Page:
NH considers legislation to restrict the rights given in Second Amendment
New Hampshire is one very controversial state when it comes to gun laws. Many people have opinions on the matter, but the representatives and citizens of the “Live Free or Die” state have a stubborn outlook when it comes to new proposed laws.
In 2013, that stubbornness is confronted with new ideas. Various New Hampshire State Representatives proposed five new bill proposals in 2013 for new gun laws.
House Bill 209 is, “ … an act relative to the relinquishment of firearms as a condition of bail.” Basically, the bill states that a court judge shall not order the relinquishment of firearms as a condition of bail from a person charged with an offense, unless the person is alleged to have committed a violent crime or alleged to have used a weapon when committing a crime. The bill was proposed by State Representatives Daniel Itse, George Lambert and Lawrence Kappler. On Feb. 22, the bill became “Inexpedient to Legislate,” or in other words, did not pass with an 18-0 committee vote and therefore, will not be brought to the floor for a full house vote.
Another House Bill, HB 388 was proposed by N.H. State Reps. Daniel Eaton and Joseph Pitre, is, “An act relative to the storage of firearms.” The bill specifically details that if a person leaves a loaded or unloaded firearm on their property and that gun is stolen and used for a crime, the person that owned the gun originally is granted civil immunity and cannot be prosecuted for the use of the gun in the crime. On Feb. 12, the bill passed with a committee vote of 16-2.
House Bill 396 is an act establishing a committee to study the requirement of safety training or instruction prior to the purchase or acquisition of a firearm. The committee would be chosen by the N.H. Speaker of the House and the Speaker would appoint three representatives. The bill did not pass committee with an 18-0 vote.
Yet another bill, HB 609, would allow school districts in New Hampshire to establish whether or not to allow school employees who are licensed to carry a concealed firearm on school property. The bill also lost the committee vote, 18-0.
N.H. State Rep. Al Baldasaro said about HB 609. He said, “I support it. Most of your schools you have professors and teachers that are veterans or have gun experience. They should be able to carry guns.”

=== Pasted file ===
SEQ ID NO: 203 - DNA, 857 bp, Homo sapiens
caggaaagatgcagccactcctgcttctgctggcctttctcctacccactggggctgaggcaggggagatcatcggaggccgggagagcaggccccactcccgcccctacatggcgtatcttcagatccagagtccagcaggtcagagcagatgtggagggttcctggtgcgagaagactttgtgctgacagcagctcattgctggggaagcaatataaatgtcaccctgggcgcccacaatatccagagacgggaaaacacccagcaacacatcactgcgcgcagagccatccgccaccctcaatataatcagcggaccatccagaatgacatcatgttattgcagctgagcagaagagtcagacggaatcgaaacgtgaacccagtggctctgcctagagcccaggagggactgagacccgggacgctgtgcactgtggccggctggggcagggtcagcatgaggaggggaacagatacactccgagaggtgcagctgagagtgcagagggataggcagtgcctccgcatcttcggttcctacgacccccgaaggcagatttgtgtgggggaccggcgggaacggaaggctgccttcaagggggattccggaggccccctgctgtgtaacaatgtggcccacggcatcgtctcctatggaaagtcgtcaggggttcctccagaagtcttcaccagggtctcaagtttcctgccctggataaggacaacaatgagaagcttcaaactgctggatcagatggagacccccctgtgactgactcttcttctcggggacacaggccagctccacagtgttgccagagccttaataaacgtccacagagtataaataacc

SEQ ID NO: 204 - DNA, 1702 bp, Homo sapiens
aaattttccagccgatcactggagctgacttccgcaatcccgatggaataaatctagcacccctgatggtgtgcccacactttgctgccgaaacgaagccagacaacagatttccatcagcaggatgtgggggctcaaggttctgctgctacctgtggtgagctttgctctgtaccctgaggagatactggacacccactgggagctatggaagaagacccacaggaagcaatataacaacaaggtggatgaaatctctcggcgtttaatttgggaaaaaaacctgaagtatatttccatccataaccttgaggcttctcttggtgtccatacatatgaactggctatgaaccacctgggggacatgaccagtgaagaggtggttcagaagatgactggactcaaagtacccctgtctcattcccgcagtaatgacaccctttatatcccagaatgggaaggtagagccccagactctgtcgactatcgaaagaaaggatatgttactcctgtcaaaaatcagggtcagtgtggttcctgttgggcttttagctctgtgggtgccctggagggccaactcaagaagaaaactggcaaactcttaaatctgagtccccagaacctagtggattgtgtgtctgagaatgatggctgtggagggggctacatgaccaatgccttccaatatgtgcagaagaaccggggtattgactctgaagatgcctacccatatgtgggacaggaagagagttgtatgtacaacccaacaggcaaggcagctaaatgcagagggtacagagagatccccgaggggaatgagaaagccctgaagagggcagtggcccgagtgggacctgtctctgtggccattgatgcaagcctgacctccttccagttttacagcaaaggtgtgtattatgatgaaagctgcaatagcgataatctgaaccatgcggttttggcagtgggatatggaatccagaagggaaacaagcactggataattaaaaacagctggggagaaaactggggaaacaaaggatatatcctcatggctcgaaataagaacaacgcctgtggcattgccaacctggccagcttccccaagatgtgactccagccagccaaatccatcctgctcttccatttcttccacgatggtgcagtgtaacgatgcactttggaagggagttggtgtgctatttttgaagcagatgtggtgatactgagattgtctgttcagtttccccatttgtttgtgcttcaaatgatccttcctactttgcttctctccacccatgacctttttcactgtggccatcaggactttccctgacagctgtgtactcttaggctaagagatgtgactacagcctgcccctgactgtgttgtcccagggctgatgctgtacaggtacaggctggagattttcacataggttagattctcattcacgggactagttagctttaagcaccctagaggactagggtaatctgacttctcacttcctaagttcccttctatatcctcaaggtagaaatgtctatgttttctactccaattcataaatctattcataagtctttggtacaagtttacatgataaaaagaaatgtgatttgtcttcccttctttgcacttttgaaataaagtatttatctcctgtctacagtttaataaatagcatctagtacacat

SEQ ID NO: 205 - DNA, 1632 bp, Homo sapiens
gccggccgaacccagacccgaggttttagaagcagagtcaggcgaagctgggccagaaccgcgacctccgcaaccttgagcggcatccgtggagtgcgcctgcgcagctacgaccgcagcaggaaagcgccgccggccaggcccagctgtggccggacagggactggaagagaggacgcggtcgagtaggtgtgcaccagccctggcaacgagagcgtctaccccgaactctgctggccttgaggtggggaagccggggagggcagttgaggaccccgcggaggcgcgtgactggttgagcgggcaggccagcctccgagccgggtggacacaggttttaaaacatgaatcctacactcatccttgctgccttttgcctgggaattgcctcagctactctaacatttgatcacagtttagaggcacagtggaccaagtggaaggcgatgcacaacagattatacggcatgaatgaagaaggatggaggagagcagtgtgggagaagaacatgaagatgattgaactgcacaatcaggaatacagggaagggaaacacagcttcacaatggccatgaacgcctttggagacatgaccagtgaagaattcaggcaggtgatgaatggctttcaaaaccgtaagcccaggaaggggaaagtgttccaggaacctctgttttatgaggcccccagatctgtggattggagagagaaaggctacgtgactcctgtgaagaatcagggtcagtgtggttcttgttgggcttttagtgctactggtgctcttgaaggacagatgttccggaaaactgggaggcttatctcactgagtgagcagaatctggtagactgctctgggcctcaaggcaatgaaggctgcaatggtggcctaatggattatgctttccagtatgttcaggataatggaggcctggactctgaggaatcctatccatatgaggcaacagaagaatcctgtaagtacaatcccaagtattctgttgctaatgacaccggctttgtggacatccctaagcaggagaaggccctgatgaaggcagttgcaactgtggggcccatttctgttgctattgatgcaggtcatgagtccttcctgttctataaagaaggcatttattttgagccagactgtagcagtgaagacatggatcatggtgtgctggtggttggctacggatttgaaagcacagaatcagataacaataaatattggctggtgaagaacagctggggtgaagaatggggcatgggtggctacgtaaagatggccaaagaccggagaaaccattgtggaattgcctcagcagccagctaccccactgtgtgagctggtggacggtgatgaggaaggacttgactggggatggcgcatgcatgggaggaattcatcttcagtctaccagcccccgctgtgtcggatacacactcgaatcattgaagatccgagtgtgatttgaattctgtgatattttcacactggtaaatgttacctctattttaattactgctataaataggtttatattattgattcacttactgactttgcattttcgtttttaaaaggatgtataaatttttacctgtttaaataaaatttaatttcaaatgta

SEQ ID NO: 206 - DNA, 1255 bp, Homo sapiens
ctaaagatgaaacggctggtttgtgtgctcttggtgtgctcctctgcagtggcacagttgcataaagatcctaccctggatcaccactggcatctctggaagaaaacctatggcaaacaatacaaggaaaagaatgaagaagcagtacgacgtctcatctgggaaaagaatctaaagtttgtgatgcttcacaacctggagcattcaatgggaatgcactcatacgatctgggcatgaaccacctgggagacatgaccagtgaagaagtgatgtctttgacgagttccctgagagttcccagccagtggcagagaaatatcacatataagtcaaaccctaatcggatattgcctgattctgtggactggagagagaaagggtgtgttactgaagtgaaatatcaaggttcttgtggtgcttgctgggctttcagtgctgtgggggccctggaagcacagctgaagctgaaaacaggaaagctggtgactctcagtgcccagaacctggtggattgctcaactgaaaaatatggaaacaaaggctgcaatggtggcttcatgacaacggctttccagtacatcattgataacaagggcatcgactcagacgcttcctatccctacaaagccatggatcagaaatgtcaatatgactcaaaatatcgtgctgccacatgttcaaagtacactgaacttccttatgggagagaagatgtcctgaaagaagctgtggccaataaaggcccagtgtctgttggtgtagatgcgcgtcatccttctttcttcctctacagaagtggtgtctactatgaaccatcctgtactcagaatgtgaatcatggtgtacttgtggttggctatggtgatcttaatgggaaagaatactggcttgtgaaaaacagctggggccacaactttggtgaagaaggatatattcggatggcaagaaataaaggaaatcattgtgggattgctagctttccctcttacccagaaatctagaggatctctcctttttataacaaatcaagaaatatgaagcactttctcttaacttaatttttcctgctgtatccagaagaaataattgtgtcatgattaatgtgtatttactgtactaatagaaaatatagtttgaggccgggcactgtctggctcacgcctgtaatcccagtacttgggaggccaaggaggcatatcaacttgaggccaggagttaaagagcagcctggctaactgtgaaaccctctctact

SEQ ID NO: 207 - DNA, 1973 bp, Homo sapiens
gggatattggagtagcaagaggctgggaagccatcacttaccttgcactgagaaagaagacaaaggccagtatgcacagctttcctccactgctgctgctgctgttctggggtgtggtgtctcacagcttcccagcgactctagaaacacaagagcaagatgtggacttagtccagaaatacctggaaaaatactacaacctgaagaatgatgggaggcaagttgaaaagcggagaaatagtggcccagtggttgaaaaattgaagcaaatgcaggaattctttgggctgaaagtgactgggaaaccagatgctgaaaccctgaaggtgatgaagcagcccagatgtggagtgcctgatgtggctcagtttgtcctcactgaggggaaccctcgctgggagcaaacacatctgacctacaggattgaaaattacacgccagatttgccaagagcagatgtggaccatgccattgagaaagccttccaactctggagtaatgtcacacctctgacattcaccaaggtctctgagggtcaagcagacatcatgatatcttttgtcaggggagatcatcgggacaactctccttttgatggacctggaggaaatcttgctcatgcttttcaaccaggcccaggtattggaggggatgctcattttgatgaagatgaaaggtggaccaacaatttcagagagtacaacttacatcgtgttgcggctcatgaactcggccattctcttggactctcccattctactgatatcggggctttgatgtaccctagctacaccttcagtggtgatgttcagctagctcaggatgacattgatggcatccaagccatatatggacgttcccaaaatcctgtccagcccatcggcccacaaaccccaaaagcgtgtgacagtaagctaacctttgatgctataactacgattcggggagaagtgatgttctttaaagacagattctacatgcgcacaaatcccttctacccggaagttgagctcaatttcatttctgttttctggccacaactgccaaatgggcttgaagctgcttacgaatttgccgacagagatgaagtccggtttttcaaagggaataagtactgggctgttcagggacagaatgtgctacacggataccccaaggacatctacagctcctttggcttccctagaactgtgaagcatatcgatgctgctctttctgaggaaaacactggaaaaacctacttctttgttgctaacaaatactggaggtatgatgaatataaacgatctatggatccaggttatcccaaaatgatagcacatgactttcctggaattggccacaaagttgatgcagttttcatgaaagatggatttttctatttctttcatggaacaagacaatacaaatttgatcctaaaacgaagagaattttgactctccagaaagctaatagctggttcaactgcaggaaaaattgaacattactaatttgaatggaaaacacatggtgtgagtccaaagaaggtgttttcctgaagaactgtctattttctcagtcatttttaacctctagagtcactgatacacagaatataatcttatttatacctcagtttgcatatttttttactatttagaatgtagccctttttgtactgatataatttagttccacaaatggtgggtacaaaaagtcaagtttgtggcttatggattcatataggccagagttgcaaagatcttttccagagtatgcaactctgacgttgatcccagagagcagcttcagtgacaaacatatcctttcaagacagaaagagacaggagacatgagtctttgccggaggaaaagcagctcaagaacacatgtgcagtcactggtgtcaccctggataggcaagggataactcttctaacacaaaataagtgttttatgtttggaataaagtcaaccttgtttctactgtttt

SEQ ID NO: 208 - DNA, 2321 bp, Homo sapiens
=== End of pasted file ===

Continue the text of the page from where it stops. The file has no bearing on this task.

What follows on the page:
Baldasaro sponsored HB 498. “The bill  didn’t pass; the majority of the house is run by Democrats,” he said. This bill was designed to allow the use of firearms by military or veterans groups in compact parts of a town for military events or national holidays. The bill lost in a 13-6 committee vote.
As a 22- year military veteran and Desert Storm veteran, Baldasaro said he has gun experience. “Yes, I do own a gun. My kids do as well. When my son came home for Christmas, he brought his AR-15 and we shot some rounds in the yard,” he said.
About New Hampshire’s gun culture, Baldasaro said, “New Hampshire is very focused on protecting ourselves. We are the live free or die state. FBI studies say the more guns citizens have, the less gun crime there is.”
William Wrenn, the commissioner of the New Hampshire Department of Corrections, said, “We’re trying to at least balance out the Second Amendment with protection of the public. And within that you’re going to have restrictions.”
As a police commissioner, Wrenn said he has a lot of experience with guns in New Hampshire and their uses. “It’s hard to say who has the gun. It could be any type of person who will commit a crime with a gun.” When asked about gun laws, Wrenn said, “There are loopholes that allow people [in NH] to basically set up a table in a building or under a tent or out in a field somewhere and put a whole bunch of guns on the table and sell them to people just walking up to the table. It’s dangerous.”
The representatives of NH have voted on these bills and turned all but one down. The reasons aren’t known, yet their decisions speak for themselves. Even though this is the “Live Free or Die” state, one thing is for sure: these people do not want their gun laws to get any more lax. Despite being one of New Hampshire’s most vocal and visible gun supporters and sponsor of two of the 2013 gun bills, State Rep. Daniel Itse did not respond to two voicemail requests for comments.
Commissioner Wrenn stated, “Where do you strike that balance between the right to buy and possess a weapon and making sure the public is safe?”
Eric Jedd can be contacted at email@example.com